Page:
Progressive and emergent Christianities are trees that have been growing parallel to each other — largely without much awareness or inter-action. It may be fair to say that progressive Christians are more unanimously pro-LGBTQI while emergents are of mixed minds on those matters. However, we’re now in a “mash-up” culture where the lines are increasingly being blurred and emergent Christian writer Brian McLaren appears to now be identifying as a progressive Christian. The recent Wild Goose Festival held in North Carolina was a national gathering bringing together leaders and participants from both traditions.

Unlike the dated description from ReligiousTolerance.org (“they are not particularly vocal about their beliefs”) progressive Christians are increasingly loud and vocal.

We are reforming Christianity for the 21st Century.

Monday, September 5, 2011


The Grace Collective blog grew out of the Emergent Santa Fe facebook Community Page. A small group of us has formed around sharing our experiences of the Emergent movement's ideas on following the Way of Jesus ("Where two or more are gathered . . ."). We're people in the Santa Fe area who find value in having a dialogue around emergent movement writers and concepts. We're excited about exploring what it means and what it looks like to be a follower of Christ in the 21st Century. Our intention is to create a safe place to ask questions and converse about faith, spirituality, social justice, the environment, and fair trade, among other things.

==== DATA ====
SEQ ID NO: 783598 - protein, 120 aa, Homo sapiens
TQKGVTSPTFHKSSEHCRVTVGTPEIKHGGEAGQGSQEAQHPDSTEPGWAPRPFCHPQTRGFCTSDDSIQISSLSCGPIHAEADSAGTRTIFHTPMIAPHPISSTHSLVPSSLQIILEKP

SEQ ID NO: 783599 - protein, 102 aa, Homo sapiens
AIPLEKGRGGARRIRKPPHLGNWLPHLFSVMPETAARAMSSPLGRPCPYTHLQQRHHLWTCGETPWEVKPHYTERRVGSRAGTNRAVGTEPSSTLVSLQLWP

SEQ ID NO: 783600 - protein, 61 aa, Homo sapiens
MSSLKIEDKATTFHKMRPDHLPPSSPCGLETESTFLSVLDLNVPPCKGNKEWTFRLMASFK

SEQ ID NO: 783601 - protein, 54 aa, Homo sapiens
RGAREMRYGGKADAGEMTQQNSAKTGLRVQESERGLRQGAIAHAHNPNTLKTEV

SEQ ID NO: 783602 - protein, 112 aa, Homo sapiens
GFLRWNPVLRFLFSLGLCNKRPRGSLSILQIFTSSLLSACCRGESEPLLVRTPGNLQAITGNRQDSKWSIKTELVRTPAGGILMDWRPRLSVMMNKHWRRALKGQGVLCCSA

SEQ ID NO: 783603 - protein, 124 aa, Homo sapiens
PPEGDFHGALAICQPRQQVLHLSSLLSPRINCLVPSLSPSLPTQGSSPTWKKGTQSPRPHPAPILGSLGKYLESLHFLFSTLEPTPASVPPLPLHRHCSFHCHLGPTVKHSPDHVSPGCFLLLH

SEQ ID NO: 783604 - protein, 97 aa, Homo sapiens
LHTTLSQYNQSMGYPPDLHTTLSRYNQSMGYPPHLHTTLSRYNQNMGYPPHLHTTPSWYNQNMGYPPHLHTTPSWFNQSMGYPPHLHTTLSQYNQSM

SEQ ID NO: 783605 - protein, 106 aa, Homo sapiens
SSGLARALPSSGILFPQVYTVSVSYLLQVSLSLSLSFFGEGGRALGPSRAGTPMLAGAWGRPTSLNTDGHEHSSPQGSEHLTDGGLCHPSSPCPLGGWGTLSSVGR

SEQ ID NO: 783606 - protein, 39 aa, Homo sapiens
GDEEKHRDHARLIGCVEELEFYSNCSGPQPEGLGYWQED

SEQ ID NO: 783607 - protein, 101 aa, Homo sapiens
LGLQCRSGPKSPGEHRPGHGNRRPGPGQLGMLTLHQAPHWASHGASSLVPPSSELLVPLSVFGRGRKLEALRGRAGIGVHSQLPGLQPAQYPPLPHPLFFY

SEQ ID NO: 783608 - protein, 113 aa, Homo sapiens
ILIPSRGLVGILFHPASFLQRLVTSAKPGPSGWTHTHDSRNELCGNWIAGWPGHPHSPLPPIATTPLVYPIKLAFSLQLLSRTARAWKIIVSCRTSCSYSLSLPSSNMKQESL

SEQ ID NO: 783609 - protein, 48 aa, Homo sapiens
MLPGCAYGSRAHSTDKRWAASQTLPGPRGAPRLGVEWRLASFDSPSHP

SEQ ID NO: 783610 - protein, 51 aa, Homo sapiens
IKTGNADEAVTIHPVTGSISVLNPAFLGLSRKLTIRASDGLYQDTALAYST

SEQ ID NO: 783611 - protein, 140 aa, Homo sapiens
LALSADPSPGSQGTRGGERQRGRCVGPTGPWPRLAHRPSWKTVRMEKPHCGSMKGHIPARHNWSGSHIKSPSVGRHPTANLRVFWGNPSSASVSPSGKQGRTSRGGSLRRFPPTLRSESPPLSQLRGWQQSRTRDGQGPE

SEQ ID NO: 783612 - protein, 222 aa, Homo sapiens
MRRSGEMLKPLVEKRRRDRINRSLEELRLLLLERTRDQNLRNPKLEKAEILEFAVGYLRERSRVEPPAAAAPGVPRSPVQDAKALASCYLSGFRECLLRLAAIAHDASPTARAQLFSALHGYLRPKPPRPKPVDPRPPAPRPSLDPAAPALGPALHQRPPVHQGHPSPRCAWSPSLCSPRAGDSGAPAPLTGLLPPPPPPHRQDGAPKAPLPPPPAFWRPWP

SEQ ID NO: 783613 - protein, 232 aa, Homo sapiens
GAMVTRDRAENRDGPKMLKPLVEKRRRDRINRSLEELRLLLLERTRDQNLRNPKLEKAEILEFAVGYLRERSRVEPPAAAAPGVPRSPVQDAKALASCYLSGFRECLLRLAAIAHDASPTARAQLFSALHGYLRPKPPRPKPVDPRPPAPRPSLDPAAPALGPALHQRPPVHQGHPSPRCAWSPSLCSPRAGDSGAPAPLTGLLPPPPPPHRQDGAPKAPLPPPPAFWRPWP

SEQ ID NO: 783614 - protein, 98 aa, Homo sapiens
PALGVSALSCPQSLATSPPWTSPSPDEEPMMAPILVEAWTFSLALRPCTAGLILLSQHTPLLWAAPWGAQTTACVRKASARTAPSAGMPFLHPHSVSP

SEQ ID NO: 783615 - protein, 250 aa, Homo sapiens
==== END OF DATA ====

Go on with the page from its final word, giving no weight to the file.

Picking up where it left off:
If you are not yet familiar with the Emergent phenomena, keep checking back to see our experience as we document it in this blog.

In other words, "Come and See!" And if you like the ideas and experiences that we share here, contact us either through this blog or our facebook page. That way you can join us in person and share with us.